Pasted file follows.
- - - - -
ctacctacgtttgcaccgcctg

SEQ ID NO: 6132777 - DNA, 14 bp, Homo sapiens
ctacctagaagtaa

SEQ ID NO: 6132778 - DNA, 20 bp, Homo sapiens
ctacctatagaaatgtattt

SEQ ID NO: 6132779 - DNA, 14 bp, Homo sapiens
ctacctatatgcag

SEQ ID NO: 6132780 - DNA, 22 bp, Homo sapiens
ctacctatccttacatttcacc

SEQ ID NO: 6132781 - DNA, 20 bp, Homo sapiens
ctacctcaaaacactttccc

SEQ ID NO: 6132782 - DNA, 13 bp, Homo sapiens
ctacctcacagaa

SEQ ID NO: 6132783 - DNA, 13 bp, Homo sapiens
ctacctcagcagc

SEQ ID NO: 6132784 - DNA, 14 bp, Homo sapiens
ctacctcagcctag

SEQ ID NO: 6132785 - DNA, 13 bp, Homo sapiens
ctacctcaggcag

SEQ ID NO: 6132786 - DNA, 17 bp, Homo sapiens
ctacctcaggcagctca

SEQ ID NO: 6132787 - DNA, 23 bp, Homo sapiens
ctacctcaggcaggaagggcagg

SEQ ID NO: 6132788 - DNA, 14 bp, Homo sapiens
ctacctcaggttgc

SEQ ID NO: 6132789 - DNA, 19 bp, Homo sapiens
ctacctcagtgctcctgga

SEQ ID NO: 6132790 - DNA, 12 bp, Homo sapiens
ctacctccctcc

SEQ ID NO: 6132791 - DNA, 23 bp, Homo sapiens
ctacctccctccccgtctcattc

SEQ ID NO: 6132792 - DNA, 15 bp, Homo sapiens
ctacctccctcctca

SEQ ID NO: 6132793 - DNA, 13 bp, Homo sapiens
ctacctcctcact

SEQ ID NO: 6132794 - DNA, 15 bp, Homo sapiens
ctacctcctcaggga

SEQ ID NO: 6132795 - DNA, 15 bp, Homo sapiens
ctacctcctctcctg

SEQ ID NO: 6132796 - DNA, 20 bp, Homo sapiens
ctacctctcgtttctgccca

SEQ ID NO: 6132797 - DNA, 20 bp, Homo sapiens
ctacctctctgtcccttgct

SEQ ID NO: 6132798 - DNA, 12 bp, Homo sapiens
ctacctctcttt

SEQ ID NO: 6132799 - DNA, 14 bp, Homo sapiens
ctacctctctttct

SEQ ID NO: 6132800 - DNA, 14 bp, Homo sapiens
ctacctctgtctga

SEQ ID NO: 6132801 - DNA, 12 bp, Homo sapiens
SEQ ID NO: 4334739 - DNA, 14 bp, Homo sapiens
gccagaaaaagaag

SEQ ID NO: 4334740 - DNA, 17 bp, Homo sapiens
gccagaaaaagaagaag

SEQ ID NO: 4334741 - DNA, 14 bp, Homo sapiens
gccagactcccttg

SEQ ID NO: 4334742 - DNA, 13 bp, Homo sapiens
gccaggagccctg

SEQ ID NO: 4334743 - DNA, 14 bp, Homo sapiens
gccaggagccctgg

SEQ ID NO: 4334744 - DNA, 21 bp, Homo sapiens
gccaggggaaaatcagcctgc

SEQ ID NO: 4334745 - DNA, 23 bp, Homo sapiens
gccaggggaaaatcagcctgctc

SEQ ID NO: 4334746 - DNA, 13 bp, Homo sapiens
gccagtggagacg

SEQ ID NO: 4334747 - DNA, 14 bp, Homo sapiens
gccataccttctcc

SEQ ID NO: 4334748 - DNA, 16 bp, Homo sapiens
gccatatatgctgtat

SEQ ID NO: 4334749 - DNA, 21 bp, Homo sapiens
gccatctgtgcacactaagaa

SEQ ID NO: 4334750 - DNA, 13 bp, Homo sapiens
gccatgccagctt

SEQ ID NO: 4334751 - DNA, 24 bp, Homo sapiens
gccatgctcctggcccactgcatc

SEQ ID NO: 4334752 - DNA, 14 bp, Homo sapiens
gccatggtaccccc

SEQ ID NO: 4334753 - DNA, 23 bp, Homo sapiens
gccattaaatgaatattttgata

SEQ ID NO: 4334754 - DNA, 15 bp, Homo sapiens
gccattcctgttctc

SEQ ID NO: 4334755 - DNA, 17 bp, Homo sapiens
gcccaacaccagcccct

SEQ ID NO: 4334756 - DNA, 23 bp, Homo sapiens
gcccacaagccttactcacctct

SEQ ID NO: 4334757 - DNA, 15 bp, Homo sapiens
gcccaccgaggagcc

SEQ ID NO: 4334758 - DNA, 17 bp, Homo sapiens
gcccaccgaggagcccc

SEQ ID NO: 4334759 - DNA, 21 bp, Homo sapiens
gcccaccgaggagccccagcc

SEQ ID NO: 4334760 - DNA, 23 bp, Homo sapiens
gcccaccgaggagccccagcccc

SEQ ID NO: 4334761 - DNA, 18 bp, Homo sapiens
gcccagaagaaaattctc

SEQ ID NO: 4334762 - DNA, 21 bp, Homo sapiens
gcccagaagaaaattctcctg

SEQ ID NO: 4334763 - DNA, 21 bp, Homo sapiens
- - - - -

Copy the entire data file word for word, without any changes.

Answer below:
ctacctacgtttgcaccgcctg

SEQ ID NO: 6132777 - DNA, 14 bp, Homo sapiens
ctacctagaagtaa

SEQ ID NO: 6132778 - DNA, 20 bp, Homo sapiens
ctacctatagaaatgtattt

SEQ ID NO: 6132779 - DNA, 14 bp, Homo sapiens
ctacctatatgcag

SEQ ID NO: 6132780 - DNA, 22 bp, Homo sapiens
ctacctatccttacatttcacc

SEQ ID NO: 6132781 - DNA, 20 bp, Homo sapiens
ctacctcaaaacactttccc

SEQ ID NO: 6132782 - DNA, 13 bp, Homo sapiens
ctacctcacagaa

SEQ ID NO: 6132783 - DNA, 13 bp, Homo sapiens
ctacctcagcagc

SEQ ID NO: 6132784 - DNA, 14 bp, Homo sapiens
ctacctcagcctag

SEQ ID NO: 6132785 - DNA, 13 bp, Homo sapiens
ctacctcaggcag

SEQ ID NO: 6132786 - DNA, 17 bp, Homo sapiens
ctacctcaggcagctca

SEQ ID NO: 6132787 - DNA, 23 bp, Homo sapiens
ctacctcaggcaggaagggcagg

SEQ ID NO: 6132788 - DNA, 14 bp, Homo sapiens
ctacctcaggttgc

SEQ ID NO: 6132789 - DNA, 19 bp, Homo sapiens
ctacctcagtgctcctgga

SEQ ID NO: 6132790 - DNA, 12 bp, Homo sapiens
ctacctccctcc

SEQ ID NO: 6132791 - DNA, 23 bp, Homo sapiens
ctacctccctccccgtctcattc

SEQ ID NO: 6132792 - DNA, 15 bp, Homo sapiens
ctacctccctcctca

SEQ ID NO: 6132793 - DNA, 13 bp, Homo sapiens
ctacctcctcact

SEQ ID NO: 6132794 - DNA, 15 bp, Homo sapiens
ctacctcctcaggga

SEQ ID NO: 6132795 - DNA, 15 bp, Homo sapiens
ctacctcctctcctg

SEQ ID NO: 6132796 - DNA, 20 bp, Homo sapiens
ctacctctcgtttctgccca

SEQ ID NO: 6132797 - DNA, 20 bp, Homo sapiens
ctacctctctgtcccttgct

SEQ ID NO: 6132798 - DNA, 12 bp, Homo sapiens
ctacctctcttt

SEQ ID NO: 6132799 - DNA, 14 bp, Homo sapiens
ctacctctctttct

SEQ ID NO: 6132800 - DNA, 14 bp, Homo sapiens
ctacctctgtctga

SEQ ID NO: 6132801 - DNA, 12 bp, Homo sapiens
SEQ ID NO: 4334739 - DNA, 14 bp, Homo sapiens
gccagaaaaagaag

SEQ ID NO: 4334740 - DNA, 17 bp, Homo sapiens
gccagaaaaagaagaag

SEQ ID NO: 4334741 - DNA, 14 bp, Homo sapiens
gccagactcccttg

SEQ ID NO: 4334742 - DNA, 13 bp, Homo sapiens
gccaggagccctg

SEQ ID NO: 4334743 - DNA, 14 bp, Homo sapiens
gccaggagccctgg

SEQ ID NO: 4334744 - DNA, 21 bp, Homo sapiens
gccaggggaaaatcagcctgc

SEQ ID NO: 4334745 - DNA, 23 bp, Homo sapiens
gccaggggaaaatcagcctgctc

SEQ ID NO: 4334746 - DNA, 13 bp, Homo sapiens
gccagtggagacg

SEQ ID NO: 4334747 - DNA, 14 bp, Homo sapiens
gccataccttctcc

SEQ ID NO: 4334748 - DNA, 16 bp, Homo sapiens
gccatatatgctgtat

SEQ ID NO: 4334749 - DNA, 21 bp, Homo sapiens
gccatctgtgcacactaagaa

SEQ ID NO: 4334750 - DNA, 13 bp, Homo sapiens
gccatgccagctt

SEQ ID NO: 4334751 - DNA, 24 bp, Homo sapiens
gccatgctcctggcccactgcatc

SEQ ID NO: 4334752 - DNA, 14 bp, Homo sapiens
gccatggtaccccc

SEQ ID NO: 4334753 - DNA, 23 bp, Homo sapiens
gccattaaatgaatattttgata

SEQ ID NO: 4334754 - DNA, 15 bp, Homo sapiens
gccattcctgttctc

SEQ ID NO: 4334755 - DNA, 17 bp, Homo sapiens
gcccaacaccagcccct

SEQ ID NO: 4334756 - DNA, 23 bp, Homo sapiens
gcccacaagccttactcacctct

SEQ ID NO: 4334757 - DNA, 15 bp, Homo sapiens
gcccaccgaggagcc

SEQ ID NO: 4334758 - DNA, 17 bp, Homo sapiens
gcccaccgaggagcccc

SEQ ID NO: 4334759 - DNA, 21 bp, Homo sapiens
gcccaccgaggagccccagcc

SEQ ID NO: 4334760 - DNA, 23 bp, Homo sapiens
gcccaccgaggagccccagcccc

SEQ ID NO: 4334761 - DNA, 18 bp, Homo sapiens
gcccagaagaaaattctc

SEQ ID NO: 4334762 - DNA, 21 bp, Homo sapiens
gcccagaagaaaattctcctg

SEQ ID NO: 4334763 - DNA, 21 bp, Homo sapiens